Hormones in some popular sunscreens could affect young children

People's Pharmacy

April 24, 2005|By Joe Graedon and Teresa Graedon | Joe Graedon and Teresa Graedon,King Features Syndicate

I have been using a baby sunscreen for my 22-month-old son. It has an SPF of 30. Whenever we go out in the sun, I slather the stuff on and then slather on more throughout the day. Someone recently told me that sunscreen can be absorbed through the skin and get into the circulation. Is this true? Are there any dangers in using sunscreen daily on a toddler?

Researchers have found that some popular sunscreen ingredients are absorbed from the skin and can be measured in the urine (Journal of Investigative Dermatology, July 2004).

Concern has focused on possible estrogenic activity of some sunscreens. This research did not demonstrate any changes in hormone levels in adults, but the authors caution that young children may be more vulnerable to such effects.

You may want to consider a sunscreen containing a physical sun-blocker such as zinc or titanium. They can be found in products like Blue Lizard Australian Suncream-Baby, Clinique Super City Block and Neutrogena Sensitive Skin Sunblock.

My doctor prescribed amitriptyline to relieve the pain in my feet. I take one pill at bedtime. This medicine is causing the strangest experience: I hear music all day, both classical and rap. No one has ever heard of such a reaction. I have tried stopping the amitriptyline for several weeks and find that the music fades out when I do this.

Drug-induced hallucinations (visual or auditory) are uncommon but disturbing side effects. To be on the safe side, you should probably have a neurological work-up to rule out any other underlying problem. If your doctor determines that the antidepressant amitriptyline is indeed the culprit, he may want to consider another approach to deal with your nerve pain. An anti-seizure medication like Neurontin may help ease your discomfort without making music in your head.

Almost 20 years ago, I was diagnosed as hypothyroid and given thyroid hormone. In the early 1990s, my doctor switched me over to Synthroid. All my symptoms returned, and I felt miserable. The doctor insisted that my blood test was normal. After eight years, I switched doctors and was put on Armour thyroid. It worked well to relieve most of my symptoms. I moved five years ago and have been struggling to convince doctors that I do better on Armour thyroid. What is the difference between synthetic and natural hormone treatments? Why do I feel better on Armour?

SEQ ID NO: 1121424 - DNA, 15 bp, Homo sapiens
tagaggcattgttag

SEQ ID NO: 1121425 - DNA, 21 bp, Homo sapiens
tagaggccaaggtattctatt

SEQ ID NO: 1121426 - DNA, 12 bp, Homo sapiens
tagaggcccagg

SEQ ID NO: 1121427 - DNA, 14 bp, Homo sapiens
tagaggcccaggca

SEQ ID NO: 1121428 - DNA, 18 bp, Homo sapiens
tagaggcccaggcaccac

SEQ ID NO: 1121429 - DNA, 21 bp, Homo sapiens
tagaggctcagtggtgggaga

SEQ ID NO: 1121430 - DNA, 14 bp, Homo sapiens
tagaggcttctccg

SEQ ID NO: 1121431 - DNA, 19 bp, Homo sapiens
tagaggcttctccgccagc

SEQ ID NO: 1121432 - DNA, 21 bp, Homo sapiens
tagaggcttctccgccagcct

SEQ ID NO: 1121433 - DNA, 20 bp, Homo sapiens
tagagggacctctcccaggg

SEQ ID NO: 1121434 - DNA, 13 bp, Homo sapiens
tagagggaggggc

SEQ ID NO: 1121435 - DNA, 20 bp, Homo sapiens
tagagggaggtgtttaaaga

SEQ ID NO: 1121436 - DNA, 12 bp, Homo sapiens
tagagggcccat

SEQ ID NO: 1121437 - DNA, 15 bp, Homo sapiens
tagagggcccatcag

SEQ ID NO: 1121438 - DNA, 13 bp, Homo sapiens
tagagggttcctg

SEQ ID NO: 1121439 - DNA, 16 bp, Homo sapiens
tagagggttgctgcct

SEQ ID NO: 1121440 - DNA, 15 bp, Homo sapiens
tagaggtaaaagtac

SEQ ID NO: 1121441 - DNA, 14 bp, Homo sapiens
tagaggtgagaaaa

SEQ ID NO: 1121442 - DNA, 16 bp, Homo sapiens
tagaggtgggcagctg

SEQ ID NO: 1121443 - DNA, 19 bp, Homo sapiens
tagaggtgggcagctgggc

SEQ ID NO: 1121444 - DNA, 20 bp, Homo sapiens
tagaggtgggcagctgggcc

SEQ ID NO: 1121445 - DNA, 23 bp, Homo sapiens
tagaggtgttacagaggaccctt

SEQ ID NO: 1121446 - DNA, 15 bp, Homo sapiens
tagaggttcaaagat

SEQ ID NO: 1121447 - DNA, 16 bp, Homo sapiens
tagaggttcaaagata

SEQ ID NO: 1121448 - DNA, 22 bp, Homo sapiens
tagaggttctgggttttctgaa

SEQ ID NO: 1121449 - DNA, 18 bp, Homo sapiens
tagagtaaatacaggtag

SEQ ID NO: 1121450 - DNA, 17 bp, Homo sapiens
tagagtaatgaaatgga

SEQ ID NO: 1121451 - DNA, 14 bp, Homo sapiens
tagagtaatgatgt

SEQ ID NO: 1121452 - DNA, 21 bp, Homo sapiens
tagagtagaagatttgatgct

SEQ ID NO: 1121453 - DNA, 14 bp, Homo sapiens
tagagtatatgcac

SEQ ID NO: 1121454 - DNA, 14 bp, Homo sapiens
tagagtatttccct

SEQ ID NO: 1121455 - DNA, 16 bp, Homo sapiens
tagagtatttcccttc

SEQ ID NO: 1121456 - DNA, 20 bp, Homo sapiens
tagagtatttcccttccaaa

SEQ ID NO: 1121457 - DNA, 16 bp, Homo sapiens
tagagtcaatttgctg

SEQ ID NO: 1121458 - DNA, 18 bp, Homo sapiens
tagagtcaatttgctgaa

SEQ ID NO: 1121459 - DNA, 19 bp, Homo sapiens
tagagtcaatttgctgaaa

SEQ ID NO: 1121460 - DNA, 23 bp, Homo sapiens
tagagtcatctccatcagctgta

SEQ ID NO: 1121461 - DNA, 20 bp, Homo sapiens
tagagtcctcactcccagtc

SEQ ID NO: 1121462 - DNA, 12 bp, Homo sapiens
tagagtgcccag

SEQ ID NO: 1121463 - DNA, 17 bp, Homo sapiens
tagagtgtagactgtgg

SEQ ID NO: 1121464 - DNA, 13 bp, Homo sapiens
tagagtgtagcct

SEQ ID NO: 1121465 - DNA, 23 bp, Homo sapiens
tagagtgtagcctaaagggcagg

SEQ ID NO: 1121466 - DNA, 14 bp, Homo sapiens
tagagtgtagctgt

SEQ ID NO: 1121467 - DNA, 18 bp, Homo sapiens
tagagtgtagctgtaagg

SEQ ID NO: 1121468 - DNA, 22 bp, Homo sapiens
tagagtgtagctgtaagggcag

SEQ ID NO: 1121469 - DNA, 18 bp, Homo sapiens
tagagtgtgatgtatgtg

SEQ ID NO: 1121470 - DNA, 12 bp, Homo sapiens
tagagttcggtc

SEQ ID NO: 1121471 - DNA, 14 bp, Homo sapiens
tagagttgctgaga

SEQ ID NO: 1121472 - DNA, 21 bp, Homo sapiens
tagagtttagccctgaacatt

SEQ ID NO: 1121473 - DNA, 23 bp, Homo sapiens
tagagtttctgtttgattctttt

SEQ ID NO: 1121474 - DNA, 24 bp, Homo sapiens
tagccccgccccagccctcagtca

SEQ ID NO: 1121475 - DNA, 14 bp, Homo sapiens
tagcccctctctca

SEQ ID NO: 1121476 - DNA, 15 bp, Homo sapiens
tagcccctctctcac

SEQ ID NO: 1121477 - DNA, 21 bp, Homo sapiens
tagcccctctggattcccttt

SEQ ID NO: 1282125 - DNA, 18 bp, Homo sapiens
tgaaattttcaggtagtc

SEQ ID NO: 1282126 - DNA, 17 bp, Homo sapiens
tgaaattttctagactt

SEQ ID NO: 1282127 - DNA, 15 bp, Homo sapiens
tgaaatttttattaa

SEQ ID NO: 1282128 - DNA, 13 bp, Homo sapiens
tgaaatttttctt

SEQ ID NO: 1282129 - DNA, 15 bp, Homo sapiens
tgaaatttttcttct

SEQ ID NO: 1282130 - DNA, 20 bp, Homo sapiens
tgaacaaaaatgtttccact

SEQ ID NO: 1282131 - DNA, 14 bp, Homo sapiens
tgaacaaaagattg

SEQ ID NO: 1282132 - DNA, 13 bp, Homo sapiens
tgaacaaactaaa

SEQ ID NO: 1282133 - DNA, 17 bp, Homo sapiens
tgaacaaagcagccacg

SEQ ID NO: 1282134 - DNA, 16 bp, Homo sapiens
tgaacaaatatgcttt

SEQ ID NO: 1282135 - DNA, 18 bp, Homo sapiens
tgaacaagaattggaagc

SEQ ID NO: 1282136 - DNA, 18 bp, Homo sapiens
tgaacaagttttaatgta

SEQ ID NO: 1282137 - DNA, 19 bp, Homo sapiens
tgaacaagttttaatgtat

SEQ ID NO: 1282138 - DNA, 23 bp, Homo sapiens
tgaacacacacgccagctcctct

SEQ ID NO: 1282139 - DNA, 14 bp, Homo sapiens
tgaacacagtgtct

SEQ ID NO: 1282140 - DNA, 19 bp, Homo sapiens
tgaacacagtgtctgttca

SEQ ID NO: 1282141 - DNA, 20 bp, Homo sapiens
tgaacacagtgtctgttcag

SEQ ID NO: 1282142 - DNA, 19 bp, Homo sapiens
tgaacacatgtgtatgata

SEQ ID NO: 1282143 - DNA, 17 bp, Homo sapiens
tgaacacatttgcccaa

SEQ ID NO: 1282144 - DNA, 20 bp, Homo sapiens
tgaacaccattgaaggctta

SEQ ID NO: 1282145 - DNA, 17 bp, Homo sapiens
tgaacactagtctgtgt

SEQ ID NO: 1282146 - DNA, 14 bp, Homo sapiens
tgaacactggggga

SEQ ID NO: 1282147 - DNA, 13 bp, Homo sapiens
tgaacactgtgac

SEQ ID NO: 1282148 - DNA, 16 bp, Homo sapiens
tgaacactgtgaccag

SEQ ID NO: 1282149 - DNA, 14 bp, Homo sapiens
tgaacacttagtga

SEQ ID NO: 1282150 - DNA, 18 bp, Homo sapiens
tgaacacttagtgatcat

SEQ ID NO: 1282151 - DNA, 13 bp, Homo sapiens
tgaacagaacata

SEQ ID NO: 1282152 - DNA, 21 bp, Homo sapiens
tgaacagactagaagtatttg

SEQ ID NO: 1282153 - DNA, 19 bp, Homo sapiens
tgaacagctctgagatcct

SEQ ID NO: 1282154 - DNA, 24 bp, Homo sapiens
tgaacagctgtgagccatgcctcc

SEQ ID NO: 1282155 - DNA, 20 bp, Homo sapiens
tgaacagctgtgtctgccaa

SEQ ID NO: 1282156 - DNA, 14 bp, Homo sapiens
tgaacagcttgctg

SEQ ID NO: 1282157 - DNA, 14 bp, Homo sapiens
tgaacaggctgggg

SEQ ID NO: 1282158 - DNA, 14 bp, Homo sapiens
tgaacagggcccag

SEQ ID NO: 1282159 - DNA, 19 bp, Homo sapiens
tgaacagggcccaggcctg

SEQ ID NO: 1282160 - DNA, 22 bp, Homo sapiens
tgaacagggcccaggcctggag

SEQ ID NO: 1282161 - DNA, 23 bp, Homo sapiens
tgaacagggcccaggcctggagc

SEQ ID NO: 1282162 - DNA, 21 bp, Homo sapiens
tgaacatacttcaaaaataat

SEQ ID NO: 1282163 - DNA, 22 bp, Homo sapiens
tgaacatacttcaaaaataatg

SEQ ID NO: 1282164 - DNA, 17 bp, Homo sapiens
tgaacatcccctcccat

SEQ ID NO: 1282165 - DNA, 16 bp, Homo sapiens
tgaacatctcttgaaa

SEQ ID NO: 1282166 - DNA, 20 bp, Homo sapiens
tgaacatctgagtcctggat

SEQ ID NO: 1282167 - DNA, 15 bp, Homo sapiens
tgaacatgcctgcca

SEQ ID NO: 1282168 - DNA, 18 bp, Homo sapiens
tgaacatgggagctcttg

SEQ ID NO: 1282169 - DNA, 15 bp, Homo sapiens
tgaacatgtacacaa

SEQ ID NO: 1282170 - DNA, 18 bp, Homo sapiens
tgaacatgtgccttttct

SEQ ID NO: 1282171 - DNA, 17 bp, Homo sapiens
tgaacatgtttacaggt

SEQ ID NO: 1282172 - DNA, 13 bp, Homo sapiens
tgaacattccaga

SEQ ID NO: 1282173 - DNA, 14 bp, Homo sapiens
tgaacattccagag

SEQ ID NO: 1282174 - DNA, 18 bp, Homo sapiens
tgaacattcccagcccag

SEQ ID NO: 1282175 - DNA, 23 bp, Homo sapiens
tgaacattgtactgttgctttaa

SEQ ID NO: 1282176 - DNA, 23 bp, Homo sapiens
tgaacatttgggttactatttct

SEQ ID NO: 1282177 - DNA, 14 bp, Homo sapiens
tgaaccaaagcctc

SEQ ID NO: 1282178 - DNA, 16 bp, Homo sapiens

In a hypothyroid condition, your thyroid gland does not produce enough hormone. The solution is to supply what is missing.

Many doctors prefer levothyroxine, a synthetic form of the thyroid hormone T4. It is sold under brand names Synthroid and Levoxyl and is also available generically.

Armour thyroid, an animal extract, contains two types of thyroid hormone (T3 in addition to T4). Although normal tissues convert T4 to T3, some hypothyroid people seem to have trouble with this conversion. That explains why they may feel better on Armour, or on a combination of T4 with a small amount of T3.

In their column, Joe and Teresa Graedon answer letters from readers. Write to them in care of King Features Syndicate, 888 Seventh Ave., New York, NY 10019, or e-mail via their Web site: www.peoplespharmacy.org.

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